The kubernetes-scanner will connect to your Kubernetes API server and extract data about the following entities and their inter-relationships.

  • Namespace
  • Deployment
  • ReplicaSet
  • Pod
  • ContainerSpec
  • Container
  • Service
  • DaemonSet

You have two choices for running the kubernetes-scanner:

  1. Run in a container outside the cluster
  2. Run in a pod inside the cluster

Both work well, but it ends up being a bit easier to get started running inside the cluster because you can leverage service account credentials managed by k8s. If you run outside the cluster, you have to deal with credentials, which can get a bit mind-bendy at times.

Running in Docker outside of Kubernetes

The kube-scanner will honor $HOME/.kube/config settings, so mapping your already-working kubeconfig is the easist way to run the scanner. Before trying to run the scanner makes sure that kubectl works.

If you want to run the kubernetes-scanner outside of the kubernetes cluster you are scanning, you can start the scanner with the following invocation:

docker run -it \
-e GRAPH_URL=bolt://host.docker.internal:7687  \
-v $HOME/.kube:/rebar/.kube \

This will volume-map your local $HOME/.kube/config into the container so that it has the same credentials that your local kubectl has. So if kubectl get nodes works locally, you should be good.

Remember that if you have username/password auth enabled for Neo4j, you will need to pass GRAPH_USERNAME and GRAPH_PASSWORD to the container.


EKS is somewhat special in that it uses AWS signed tokens to authenticate with the Kubernetes clusters. We have implemented this authentication protocol so the kubernetes scanner should be able to negotiate temporary k8s tokens. However, It needs the following:

  1. Valid AWS Credentials (via $HOME/.aws, env vars, or via instance profile)
  2. The url of the kubernetes cluster
  3. The Amazon cluster name of the EKS cluster

The scanner will look up (3) for you automatically if the credentials provide access to perform aws eks list-clusters. But if your credentials do not have that authorization, you can pass EKS_CLUSTER_NAME to the scanner, so that it does not have to look up the cluster name.

For instance:

docker run -it \
-e GRAPH_URL=bolt://host.docker.internal:7687  \
-v $HOME/.kube:/rebar/.kube \
-v $HOME/.aws:/rebar/.aws \
-e EKS_CLUSTER_NAME=mycluster \

Google Kubernetes Engine (GKE)

The rebar-scanner will connect to GKE clusters listed in your ${HOME}/.kube/config file. However it is not (yet) capable of updating the tokens. It is capable of reading the temporary tokens in your ${HOME}/.kube/config file, but it cannot refresh them.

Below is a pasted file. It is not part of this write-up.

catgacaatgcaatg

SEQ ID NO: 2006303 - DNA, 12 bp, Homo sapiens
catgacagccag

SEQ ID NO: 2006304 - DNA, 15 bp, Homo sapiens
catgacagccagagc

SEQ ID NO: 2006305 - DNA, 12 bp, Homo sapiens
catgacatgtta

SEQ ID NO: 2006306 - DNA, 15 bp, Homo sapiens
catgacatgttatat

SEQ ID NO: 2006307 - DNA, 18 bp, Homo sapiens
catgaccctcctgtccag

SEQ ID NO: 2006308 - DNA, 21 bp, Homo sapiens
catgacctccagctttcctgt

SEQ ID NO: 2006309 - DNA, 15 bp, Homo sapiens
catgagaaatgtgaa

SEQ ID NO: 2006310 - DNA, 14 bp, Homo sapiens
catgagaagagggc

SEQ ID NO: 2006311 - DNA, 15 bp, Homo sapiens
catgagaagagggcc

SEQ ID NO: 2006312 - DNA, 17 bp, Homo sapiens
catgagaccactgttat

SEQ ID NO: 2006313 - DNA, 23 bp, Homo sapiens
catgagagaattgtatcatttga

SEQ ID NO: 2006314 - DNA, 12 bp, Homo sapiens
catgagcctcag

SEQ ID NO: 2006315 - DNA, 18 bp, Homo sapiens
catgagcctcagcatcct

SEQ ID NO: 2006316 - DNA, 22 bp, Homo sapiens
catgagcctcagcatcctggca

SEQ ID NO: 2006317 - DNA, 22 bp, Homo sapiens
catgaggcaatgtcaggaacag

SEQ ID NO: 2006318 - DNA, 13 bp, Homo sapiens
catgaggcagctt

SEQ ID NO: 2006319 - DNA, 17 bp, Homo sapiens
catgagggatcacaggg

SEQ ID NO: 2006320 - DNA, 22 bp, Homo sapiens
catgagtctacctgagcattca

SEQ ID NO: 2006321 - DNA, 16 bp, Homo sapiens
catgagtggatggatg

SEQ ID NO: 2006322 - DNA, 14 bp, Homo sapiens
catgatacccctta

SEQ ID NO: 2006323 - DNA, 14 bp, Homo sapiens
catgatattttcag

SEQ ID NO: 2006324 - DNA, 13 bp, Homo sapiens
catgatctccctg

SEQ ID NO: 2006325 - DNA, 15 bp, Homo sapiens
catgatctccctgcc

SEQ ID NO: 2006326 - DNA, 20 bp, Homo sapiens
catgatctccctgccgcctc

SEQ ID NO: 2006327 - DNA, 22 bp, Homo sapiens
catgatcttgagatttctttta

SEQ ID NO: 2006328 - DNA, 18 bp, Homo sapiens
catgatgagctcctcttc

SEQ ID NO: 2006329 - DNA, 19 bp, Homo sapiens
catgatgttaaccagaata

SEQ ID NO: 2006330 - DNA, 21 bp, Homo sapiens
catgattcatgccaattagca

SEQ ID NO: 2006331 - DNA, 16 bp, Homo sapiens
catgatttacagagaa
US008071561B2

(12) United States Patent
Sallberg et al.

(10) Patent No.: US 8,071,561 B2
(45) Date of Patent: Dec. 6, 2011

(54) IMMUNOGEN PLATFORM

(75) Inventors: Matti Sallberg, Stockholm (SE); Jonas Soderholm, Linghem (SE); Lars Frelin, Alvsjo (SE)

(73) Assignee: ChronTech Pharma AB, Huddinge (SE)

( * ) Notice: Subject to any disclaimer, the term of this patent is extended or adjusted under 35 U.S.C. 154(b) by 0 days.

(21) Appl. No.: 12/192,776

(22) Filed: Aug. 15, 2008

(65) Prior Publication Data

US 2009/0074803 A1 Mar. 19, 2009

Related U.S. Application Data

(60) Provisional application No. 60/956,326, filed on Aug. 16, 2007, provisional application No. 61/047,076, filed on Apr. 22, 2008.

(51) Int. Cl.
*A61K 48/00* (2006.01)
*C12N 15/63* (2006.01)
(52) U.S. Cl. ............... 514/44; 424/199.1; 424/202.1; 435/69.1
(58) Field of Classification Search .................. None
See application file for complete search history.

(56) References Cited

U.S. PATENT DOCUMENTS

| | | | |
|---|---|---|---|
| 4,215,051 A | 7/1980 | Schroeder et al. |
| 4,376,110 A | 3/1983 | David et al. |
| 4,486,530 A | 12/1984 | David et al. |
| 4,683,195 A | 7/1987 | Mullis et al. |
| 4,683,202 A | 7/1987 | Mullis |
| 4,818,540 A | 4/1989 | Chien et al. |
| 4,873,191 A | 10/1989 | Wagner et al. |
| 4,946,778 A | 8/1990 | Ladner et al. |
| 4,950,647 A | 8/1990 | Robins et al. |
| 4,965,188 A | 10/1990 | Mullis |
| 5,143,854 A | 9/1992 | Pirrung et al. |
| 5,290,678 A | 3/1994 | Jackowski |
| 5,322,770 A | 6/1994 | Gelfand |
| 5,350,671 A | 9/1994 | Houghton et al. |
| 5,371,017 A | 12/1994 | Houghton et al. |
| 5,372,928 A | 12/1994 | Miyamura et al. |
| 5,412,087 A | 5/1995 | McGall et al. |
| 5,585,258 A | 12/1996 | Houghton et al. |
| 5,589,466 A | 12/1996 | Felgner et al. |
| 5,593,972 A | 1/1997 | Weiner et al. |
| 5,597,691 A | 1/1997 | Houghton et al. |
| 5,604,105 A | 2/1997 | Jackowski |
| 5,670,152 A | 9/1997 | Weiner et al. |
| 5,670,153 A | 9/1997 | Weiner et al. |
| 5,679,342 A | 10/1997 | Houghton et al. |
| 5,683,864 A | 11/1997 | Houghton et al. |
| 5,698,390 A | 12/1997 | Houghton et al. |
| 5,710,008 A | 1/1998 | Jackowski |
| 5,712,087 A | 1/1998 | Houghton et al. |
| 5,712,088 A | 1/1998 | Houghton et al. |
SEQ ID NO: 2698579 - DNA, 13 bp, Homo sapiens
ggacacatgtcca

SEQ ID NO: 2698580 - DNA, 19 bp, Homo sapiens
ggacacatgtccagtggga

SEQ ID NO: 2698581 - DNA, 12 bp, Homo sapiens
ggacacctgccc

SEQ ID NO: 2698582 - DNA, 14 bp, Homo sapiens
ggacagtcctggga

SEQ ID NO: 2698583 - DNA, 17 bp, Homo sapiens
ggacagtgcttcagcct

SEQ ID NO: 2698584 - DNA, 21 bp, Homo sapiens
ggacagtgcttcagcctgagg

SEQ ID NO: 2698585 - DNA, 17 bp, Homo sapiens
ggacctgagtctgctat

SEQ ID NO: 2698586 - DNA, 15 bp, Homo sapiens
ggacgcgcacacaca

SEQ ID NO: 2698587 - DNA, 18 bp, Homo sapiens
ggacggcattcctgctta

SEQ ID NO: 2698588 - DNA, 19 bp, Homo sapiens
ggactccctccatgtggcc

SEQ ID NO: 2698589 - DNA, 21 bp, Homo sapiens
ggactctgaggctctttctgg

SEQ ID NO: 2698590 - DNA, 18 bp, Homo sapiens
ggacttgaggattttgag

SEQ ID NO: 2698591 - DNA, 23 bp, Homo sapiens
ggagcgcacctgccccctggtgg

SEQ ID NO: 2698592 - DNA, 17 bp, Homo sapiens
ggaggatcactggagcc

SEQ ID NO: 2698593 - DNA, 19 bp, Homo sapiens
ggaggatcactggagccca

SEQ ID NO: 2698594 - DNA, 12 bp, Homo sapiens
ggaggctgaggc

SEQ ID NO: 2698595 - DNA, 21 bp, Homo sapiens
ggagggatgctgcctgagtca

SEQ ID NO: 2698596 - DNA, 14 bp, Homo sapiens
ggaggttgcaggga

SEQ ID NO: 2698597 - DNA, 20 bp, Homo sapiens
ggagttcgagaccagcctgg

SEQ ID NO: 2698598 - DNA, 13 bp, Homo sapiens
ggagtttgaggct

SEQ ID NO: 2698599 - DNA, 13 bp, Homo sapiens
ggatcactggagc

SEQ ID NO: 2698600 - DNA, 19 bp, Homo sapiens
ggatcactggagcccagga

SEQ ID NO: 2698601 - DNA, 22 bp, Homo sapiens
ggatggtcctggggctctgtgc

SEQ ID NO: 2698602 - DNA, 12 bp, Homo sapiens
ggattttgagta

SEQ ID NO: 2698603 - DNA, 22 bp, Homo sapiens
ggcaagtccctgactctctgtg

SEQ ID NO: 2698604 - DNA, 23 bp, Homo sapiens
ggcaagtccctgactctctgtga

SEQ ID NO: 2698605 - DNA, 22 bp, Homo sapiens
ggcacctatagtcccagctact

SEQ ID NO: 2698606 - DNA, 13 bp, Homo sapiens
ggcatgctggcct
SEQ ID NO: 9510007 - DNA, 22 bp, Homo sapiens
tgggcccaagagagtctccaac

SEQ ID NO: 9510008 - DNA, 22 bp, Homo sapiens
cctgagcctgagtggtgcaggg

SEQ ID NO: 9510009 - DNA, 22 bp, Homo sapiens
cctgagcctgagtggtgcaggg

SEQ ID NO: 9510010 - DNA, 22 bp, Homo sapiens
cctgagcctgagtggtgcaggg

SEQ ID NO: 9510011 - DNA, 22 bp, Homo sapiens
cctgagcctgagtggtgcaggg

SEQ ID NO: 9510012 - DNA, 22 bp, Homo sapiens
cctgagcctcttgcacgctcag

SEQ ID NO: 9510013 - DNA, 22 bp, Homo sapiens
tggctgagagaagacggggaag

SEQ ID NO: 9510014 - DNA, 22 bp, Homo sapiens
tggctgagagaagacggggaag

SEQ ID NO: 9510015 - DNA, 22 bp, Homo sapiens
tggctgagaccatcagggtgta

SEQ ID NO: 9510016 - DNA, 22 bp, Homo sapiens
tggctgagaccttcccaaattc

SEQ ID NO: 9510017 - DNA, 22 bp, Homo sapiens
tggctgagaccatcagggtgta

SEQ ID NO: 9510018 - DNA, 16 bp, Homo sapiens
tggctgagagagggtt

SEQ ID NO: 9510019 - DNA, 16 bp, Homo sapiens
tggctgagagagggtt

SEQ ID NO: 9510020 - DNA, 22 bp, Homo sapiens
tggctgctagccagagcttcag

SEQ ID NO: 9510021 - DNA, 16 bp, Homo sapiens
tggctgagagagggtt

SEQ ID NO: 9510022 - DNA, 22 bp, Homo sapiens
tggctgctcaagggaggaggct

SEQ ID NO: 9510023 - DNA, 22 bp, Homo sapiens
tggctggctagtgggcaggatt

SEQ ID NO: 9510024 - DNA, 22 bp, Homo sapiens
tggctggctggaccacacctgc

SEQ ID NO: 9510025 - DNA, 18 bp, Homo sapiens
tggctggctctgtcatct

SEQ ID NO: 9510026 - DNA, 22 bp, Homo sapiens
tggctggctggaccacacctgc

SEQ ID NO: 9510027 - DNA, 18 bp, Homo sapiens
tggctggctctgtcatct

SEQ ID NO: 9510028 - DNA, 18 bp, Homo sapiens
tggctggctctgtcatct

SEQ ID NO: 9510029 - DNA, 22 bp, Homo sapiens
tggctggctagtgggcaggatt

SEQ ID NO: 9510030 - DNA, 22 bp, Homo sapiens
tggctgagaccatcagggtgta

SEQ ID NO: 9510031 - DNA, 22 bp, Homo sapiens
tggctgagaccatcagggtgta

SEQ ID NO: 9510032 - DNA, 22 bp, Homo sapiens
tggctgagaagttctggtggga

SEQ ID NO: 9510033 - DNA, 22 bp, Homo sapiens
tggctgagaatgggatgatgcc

This is acceptable for running locally. If you want to run the scanner as a daemon, you should issue long-lived service account credentials, or run the scanner inside a cluster.

Internally, the kubernetes-scanner uses the fabric8 java client. It honors a variety of configuration options that can be passed via environment variables, which are documented here: https://github.com/fabric8io/kubernetes-client#creating-a-client

Launch Neo4j in Kubernetes Cluster

If you don't already have a Neo4j instance running, it is very easy to launch one in Kubernetes. It won't have persisitent volumes, but that's OK to start.

The following will create a neo4j pod and a service that your scanner will use to connect to it:

kubectl create -f \

Once the neo4j pod has started, you can expose the ports locally using kubectl port-forward so that you can use the neo4j UI to interact with the database:

kubectl port-forward deployment/neo4j 7474:7474 7687:7687

Now you should be able to point your browser to http://localhost:7474 and use the neo4j console.

WARNING: This neo4j instance is for demo purposes only. If the neo4j pod is killed all data will be lost.

Deploy Scanner

Now you should be able to schedule an instance of rebar/kubernetes-scanner inside your kubernetes cluster. In this example, rebar will connect to the neo4j instance created above.

That is, it will use K8S DNS service discovery to find the IP address it should use to connect to Neo4j.

kubectl create -f \

Note: If you want to connect to a different neo4j instance outside the kubernetes cluster, just set the GRAPH_URL environment property as you see fit. GRAPH_USERNAME and GRAPH_PASSWORD are supported options if your neo4j instance has auth enabled.

Try It

After a few seconds, rebar/kubernetes-scanner should have created a graph model of your cluster.

Run the following locally:

kubectl port-forward deployment/neo4j 7474:7474 7687:7687

And then point your browser to http://localhost:7474.

You should then be able to issue Cypher queries against your graph.

To a have quick look at the whole graph:

match (a) return a

You can start looking at pieces of the graph:

match (k:KubeCluster)--(n:KubeNamespace)--(d:KubeDeployment)--(rs:KubeReplicaSet)--(p:KubePod)